"Un-kid-ified music." Now there is a concept.
Un-kid-i-fide music is music that sounds like today's music, but with the kid's focus and vibe removed; music to which the 28 to 65 or older crowd can relate. When so much music is geared to a younger market, and much of it contains objectionable, or border-line objectionable lyrics, Asure Akhi Amen, a.k.a. A-Kube has developed a sound that is geared to a more mature market, or a market that would appreciate a more mature sound.
The music of A-Kube is truly world music and "un-kid-ifide." His music flavor may include a vocal drawl, that some may compare as soulful and mellow as a Marvin Gaye or Sam Cook, with a soulful "like-Otis-Redding" twang. Good luck world, here comes A-Kube.
All About Jazz (AAJ): You have an approach to your music that is unique to popularly promoted music. What is "un-kid-ified" music?
A-Kube (AK): "Un-kid-i-fide" music is music that sounds like today's music, but with the kid's focus and vibe removed. A lot of music today has a backdrop of some kind. Like, how are you riding? What are you packing for self defense? What you want to do to your mate? How you want to kill your brother, or what's happening at school or on the play ground? Hell, for a lot of us baby boomers, the last time we were at the playground we had our grandkids with us, thus the birth of "un-kid-i-fide" music for the baby boomer. I think "un-kid-i-fide" music is music the 28 to 65 or older crowd can relate to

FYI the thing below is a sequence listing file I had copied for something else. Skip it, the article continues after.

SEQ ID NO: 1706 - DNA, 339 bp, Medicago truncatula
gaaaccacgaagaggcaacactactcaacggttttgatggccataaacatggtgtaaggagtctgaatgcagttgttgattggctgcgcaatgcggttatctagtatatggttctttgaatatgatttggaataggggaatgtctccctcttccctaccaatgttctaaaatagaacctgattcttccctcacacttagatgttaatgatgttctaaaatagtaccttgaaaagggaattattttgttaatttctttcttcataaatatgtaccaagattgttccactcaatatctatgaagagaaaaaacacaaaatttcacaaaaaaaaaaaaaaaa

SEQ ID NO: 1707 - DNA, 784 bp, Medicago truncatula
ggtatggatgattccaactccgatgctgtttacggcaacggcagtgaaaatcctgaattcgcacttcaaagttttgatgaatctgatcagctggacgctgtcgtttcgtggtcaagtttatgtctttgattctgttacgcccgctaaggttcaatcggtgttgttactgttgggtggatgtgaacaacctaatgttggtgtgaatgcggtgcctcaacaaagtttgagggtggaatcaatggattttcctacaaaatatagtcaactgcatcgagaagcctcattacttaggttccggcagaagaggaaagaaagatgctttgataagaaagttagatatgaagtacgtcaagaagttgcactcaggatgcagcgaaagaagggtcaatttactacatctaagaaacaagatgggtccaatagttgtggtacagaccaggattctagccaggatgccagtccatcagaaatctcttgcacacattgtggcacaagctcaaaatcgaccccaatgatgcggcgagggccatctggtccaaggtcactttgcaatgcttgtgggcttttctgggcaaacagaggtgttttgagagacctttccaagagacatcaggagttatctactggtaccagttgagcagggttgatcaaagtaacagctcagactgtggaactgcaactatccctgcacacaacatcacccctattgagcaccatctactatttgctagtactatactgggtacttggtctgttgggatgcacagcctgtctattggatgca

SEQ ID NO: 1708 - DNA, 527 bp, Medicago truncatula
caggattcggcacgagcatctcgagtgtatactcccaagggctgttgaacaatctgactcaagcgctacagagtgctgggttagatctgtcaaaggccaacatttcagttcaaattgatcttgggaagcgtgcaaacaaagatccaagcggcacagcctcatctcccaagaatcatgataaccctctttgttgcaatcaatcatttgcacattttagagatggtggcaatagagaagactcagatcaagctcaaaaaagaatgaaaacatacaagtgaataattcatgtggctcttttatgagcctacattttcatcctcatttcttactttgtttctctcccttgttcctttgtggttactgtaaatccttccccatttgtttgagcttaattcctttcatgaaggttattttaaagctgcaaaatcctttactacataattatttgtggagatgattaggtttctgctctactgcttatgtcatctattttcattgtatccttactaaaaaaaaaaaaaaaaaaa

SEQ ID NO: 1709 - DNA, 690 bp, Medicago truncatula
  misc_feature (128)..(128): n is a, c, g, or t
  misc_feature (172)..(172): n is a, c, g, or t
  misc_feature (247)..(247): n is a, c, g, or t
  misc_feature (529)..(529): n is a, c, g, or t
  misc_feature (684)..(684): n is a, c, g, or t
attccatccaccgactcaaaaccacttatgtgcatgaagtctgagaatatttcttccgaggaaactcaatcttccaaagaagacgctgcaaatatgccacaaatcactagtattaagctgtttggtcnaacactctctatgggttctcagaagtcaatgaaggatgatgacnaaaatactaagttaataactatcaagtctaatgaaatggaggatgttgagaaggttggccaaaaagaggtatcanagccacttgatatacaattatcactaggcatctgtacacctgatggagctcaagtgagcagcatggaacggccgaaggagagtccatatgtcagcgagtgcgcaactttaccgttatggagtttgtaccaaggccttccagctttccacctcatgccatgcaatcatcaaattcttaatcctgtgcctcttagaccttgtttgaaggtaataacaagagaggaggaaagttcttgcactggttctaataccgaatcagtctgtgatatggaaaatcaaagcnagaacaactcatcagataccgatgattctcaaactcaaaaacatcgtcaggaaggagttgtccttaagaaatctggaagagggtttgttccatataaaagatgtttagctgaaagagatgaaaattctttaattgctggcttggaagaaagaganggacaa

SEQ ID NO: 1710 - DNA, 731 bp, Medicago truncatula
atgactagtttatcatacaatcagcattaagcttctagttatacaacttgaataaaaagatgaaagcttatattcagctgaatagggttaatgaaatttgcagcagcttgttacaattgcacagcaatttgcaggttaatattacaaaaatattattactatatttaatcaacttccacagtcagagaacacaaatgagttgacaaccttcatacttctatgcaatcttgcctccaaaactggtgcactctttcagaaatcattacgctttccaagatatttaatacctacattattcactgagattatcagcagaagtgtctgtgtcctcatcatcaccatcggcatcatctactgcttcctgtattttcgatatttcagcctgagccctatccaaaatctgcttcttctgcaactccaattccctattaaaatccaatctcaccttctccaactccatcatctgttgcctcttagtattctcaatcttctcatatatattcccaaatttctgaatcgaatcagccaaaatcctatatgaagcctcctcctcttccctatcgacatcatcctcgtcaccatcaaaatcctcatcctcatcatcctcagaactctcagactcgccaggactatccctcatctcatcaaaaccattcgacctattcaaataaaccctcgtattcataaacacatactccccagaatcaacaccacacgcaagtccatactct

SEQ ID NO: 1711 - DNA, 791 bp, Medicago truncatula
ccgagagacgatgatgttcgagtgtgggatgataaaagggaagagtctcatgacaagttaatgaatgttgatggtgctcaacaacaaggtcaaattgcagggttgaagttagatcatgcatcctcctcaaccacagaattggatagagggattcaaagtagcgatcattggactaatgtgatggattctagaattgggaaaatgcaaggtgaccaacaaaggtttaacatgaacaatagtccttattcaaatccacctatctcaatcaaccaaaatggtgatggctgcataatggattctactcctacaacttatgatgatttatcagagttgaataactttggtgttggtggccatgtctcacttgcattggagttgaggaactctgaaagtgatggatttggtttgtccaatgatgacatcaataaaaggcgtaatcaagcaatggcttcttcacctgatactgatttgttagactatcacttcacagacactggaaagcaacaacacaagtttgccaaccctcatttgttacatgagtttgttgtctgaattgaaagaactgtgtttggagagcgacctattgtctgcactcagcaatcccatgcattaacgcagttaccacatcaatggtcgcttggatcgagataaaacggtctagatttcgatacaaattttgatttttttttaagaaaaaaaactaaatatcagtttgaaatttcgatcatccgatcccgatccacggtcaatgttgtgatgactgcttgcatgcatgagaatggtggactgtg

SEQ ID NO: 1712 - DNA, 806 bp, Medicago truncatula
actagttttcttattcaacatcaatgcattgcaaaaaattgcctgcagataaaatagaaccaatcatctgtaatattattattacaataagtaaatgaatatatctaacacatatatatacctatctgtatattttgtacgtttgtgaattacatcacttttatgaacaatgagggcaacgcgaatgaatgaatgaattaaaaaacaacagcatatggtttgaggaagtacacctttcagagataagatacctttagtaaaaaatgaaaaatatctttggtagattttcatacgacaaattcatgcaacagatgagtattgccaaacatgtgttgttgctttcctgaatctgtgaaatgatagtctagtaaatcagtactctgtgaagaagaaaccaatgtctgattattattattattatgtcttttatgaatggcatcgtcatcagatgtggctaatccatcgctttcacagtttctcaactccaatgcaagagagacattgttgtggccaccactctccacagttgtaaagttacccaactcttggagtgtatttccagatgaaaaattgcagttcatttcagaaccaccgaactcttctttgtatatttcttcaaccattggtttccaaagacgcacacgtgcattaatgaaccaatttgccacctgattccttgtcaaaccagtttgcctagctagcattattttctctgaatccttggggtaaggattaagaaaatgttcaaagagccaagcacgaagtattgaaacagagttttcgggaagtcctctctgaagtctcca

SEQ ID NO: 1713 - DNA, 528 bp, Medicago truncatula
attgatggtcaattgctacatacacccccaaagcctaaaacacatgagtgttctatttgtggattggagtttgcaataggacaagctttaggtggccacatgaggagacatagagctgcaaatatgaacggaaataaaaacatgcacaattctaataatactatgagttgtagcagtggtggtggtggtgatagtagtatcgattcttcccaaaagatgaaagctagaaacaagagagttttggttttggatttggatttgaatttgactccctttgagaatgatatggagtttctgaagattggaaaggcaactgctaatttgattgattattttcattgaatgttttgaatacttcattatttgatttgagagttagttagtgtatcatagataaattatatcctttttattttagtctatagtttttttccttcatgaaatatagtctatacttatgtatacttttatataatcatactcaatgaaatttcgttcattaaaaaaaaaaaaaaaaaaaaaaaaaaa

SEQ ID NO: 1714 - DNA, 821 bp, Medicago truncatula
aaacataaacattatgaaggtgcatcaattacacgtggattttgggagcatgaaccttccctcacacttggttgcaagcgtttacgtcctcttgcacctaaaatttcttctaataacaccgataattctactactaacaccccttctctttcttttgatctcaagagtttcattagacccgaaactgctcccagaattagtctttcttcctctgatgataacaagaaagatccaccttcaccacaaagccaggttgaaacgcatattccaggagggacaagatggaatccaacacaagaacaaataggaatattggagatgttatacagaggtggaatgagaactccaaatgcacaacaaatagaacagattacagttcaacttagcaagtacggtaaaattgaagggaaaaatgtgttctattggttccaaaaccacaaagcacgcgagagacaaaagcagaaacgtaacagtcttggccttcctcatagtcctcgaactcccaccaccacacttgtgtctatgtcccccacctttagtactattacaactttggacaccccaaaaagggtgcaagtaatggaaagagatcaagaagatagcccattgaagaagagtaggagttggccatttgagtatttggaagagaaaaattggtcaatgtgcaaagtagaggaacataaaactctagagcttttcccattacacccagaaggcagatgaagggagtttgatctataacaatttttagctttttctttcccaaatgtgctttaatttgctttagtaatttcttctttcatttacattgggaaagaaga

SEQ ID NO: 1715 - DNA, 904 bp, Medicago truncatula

AAJ: Your earliest introduction to this more mature sound in music started as your older siblings introduced you to what they were enjoying musically. What was your earliest introduction to music? How large of a family did you come from? Was your family musical?
AK: My earliest intro to music was through my siblings who were actually my uncles and aunts and a teenage mother. There was always music and dancing. I can remember hearing my grandmother make beautiful sounds come from her mouth. She sang all day long while she did her chores. Gospel, of course. She even introduced me to the click sounds. Click sound are sounds you can make using the tongue and roof of your mouth to make it click or clock like the sounds that horses make when they walk. A lot of music from the African continent use the click sounds. One person I loved to hear do it was Mariam Makeba.